Cherish Finden, The Langham Hotel, London

The Staff Canteen

The Staff Canteen speak to the Craft Guild of Chef's Pastry Chef of the Year 2012 and executive pastry chef at The Langham Hotel, Cherish Finden.

Please can you describe a typical working day for you at The Langham?

I’m quite a hands-on chef. Of course, checking is very important – my first job in the morning is to walk around and make sure the operations of my kitchens are running smoothly, then paperwork; I’ll be working in the kitchens for the rest of the day. I’m a one-to-one chef and I work closely with my staff; the technique of production is very important. The quality that we send out demands attention: every piece of patisserie is checked before I send it to our guests.

How many kitchens and pastry chefs do you look after?

I have two kitchens: one kitchen is for production and I have a second smaller kitchen, which is for chocolate and garnish. I have ten chefs working for me; we supply to the Palm Court, the amenities, the room service, the bar, banqueting and the Palm Court afternoon tea, which takes most of our time.

Why do you feel patisserie is such a specialised area and why are there so few good pastry chefs?

I think it’s a lot of hard work in the pastry section. A lot of chefs produce what they have to do as a daily routine, but for me the technique of making, understanding the process, the science behind it all is so important. Why does the cake rise? Is it the gluten? Is it the water? Why do you add salt into bread? Every ingredient in the recipe is very important to me: why, how? Even using gelatine – silver, gold, bronze: what are the differences?

How does it affect the recipe? What is the PH? If it changes the PH will it set? Why doesn’t your jelly set? Have you added something that changed the PH? Whenever I do something, I make sure my chefs understand what’s happening. When you make a meringue, you denature the egg whites first: why do you do that? Is it best to whisk the egg whites fast? Does it make a difference if you whisk them slowly? I ask my chefs and myself all of these questions. It’s important for me to pass this knowledge on to my chefs.

In the main kitchen we’ve seen the introduction of a lot of new, modern preparation and cooking techniques: centrifuge, rotary evaporators, water baths and so on. Have you seen these techniques and cooking methods crossing over into the pastry section?

Yes, we use sous vide, particularly during service, but it depends on what I am using it for. I
 think maintaining the taste, the colour of the produce – as much as I can, closest to the pure flavour as I can – is important. I don’t like to push a flavour too much in a dish that doesn’t represent the pure flavour. The ingredient has to have the same taste on the plate as it does in nature.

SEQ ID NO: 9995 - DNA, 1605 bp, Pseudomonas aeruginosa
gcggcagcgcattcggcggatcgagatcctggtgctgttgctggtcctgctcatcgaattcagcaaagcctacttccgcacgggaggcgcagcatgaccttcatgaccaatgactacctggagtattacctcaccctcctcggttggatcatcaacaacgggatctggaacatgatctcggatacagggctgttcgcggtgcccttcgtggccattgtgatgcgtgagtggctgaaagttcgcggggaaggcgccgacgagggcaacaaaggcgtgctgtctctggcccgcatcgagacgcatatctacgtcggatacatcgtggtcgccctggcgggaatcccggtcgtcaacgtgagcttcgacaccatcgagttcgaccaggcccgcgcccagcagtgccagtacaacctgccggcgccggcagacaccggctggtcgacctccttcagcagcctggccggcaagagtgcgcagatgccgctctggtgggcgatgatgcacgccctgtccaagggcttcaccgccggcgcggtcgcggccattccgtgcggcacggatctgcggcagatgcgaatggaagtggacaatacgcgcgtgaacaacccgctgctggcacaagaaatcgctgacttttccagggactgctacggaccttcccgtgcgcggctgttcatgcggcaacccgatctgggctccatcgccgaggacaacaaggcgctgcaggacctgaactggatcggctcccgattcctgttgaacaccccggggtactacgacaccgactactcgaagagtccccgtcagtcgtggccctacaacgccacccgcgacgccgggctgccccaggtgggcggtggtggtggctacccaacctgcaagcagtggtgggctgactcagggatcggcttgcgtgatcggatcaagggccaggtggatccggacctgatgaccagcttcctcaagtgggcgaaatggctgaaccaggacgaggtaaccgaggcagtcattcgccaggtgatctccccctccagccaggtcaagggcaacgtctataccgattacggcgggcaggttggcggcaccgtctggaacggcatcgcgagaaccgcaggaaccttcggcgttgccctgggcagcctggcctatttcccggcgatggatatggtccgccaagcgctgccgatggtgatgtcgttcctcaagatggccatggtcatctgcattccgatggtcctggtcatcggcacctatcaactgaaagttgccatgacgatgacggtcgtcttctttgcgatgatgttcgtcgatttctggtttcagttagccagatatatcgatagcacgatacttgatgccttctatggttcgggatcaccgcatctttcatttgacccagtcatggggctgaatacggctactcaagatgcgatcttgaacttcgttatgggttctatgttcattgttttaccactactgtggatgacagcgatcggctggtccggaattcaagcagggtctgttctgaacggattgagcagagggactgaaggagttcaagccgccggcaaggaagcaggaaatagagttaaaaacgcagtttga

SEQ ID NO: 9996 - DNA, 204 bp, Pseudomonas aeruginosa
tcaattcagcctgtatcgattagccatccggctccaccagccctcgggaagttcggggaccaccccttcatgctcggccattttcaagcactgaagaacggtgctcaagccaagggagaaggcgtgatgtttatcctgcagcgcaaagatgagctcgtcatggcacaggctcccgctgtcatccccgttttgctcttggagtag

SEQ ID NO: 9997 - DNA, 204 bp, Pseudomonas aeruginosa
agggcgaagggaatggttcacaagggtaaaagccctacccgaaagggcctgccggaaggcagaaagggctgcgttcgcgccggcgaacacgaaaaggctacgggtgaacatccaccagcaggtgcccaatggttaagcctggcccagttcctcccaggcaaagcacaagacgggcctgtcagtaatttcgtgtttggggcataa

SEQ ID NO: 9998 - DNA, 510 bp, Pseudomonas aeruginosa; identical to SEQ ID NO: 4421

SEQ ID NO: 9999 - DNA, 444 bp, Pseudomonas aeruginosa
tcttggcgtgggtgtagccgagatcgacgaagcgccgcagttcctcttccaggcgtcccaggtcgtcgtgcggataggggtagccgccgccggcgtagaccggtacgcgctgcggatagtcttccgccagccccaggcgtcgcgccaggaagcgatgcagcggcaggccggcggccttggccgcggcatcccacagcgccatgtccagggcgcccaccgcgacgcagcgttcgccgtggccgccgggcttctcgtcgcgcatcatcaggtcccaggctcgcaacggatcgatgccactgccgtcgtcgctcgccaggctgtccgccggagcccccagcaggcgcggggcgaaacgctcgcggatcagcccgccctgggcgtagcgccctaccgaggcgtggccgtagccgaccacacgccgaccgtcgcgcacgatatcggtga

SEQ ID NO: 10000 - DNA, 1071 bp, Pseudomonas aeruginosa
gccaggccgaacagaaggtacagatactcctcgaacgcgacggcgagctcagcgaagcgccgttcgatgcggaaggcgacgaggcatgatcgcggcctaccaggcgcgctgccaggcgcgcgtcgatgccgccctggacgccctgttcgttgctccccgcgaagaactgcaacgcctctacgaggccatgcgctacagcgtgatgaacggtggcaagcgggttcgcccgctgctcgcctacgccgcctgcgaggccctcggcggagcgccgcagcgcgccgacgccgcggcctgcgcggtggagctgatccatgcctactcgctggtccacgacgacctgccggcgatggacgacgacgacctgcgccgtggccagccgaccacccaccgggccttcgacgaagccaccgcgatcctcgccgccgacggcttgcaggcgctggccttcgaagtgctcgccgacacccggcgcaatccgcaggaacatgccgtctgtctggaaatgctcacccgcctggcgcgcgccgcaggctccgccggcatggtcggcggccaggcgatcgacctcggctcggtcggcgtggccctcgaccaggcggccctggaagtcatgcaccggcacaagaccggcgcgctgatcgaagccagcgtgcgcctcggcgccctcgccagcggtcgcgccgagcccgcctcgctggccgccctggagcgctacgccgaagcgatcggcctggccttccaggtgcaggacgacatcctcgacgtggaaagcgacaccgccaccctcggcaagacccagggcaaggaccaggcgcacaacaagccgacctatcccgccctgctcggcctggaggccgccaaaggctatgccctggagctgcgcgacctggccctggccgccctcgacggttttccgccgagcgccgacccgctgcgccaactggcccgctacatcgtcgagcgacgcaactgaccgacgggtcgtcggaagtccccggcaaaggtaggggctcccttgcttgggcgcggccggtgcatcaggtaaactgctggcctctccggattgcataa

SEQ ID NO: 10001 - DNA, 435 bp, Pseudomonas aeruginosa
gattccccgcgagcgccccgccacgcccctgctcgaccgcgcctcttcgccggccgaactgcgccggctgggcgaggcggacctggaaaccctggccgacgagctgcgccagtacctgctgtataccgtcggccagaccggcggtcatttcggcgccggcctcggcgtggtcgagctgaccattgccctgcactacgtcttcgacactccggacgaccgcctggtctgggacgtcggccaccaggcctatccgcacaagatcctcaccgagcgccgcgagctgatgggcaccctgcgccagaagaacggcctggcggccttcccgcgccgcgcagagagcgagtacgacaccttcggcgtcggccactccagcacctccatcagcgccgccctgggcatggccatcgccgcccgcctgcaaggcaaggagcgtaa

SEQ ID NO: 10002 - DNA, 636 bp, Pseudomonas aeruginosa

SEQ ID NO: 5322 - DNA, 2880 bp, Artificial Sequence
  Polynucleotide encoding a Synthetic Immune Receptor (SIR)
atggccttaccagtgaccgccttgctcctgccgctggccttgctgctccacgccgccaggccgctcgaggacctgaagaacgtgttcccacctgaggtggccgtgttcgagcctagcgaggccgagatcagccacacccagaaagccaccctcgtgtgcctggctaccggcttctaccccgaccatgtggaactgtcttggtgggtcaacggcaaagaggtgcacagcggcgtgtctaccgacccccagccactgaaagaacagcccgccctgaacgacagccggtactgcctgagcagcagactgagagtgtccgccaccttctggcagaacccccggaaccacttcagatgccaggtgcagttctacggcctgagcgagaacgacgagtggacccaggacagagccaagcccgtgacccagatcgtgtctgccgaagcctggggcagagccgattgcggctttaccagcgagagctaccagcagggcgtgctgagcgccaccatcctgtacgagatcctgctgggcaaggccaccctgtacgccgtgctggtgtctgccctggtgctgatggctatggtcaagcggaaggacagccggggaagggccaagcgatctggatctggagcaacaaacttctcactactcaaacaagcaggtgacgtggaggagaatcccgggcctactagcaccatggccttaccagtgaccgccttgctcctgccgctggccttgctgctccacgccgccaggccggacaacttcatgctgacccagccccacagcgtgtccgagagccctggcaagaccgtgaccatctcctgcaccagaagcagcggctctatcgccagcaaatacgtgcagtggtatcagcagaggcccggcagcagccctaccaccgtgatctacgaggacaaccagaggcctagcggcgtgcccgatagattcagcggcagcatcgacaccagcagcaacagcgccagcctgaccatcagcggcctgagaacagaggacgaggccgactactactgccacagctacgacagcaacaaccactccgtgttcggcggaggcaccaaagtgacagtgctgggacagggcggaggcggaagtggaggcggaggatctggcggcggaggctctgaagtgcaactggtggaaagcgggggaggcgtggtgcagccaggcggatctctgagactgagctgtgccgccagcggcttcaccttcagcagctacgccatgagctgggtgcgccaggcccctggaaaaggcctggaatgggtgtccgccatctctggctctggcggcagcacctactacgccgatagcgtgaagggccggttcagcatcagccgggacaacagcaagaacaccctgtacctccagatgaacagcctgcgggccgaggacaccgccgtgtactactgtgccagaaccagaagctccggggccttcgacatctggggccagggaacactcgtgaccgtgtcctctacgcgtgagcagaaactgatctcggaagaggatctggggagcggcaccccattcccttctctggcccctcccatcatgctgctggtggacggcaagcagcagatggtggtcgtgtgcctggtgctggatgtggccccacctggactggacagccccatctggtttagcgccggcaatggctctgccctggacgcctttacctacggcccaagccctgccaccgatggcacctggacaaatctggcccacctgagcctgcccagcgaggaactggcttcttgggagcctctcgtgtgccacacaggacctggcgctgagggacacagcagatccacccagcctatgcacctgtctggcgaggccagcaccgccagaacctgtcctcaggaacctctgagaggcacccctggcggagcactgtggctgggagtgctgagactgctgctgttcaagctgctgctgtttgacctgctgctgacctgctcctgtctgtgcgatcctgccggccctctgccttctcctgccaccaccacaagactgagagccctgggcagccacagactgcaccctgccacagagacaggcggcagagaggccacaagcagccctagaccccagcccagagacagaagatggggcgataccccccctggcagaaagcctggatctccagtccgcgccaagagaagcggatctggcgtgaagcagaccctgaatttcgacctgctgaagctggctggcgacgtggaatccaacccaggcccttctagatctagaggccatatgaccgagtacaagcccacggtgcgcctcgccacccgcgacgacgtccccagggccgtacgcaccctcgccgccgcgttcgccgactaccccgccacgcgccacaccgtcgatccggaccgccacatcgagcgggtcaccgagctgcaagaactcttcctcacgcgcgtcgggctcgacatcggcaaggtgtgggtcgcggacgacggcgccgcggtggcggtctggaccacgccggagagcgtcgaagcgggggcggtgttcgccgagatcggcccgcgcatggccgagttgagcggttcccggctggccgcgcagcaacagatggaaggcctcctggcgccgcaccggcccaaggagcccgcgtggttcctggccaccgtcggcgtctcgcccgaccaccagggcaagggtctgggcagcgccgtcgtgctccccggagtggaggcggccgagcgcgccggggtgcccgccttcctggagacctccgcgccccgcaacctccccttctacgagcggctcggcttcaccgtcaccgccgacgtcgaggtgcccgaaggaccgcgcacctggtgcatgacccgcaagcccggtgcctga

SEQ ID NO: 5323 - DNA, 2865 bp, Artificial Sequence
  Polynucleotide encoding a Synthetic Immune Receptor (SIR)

What do you think is the biggest challenge for pastry chefs?

I think there are a lot of challenges for pastry chefs. It’s a lot of hard work in our section. I work 16-17 hours a day; sometimes it’s midnight and I’m still in my whites and I might miss my last train home. The work that has to be put in, I think, will put off younger generations of pastry chefs coming through. How much work does someone want to put into the main kitchen to progress in the pastry section? For me, I have to know and understand what is happening in the main kitchen to make sure my pastry section runs efficiently. Not all pastry chefs are willing to step into the main kitchen to gather this understanding and knowledge that will help them and make their section better.

Thirdly, understanding the basic principles of pastry: the structures, textures and flavours. How many people will sit on the computer until 5am so they understand, so they can explain to the younger generations why something is happening. As a pastry chef you constantly have to question yourself: why are you doing this? Why is that happening? Finally, breaking the boundaries of traditional French patisserie. I do not like to copy. I’m always thinking about the next collection: the creative side of the next collection. There are great patisserie magazines, like So Good, but you can see people are copying from one another. We have to ask ourselves how we can break these boundaries and present what we do to make it recognisable as the work of a particular chef. I want people to know what I’m doing here at The Langham, for the afternoon tea in the Palm Court and what we’re trying to achieve.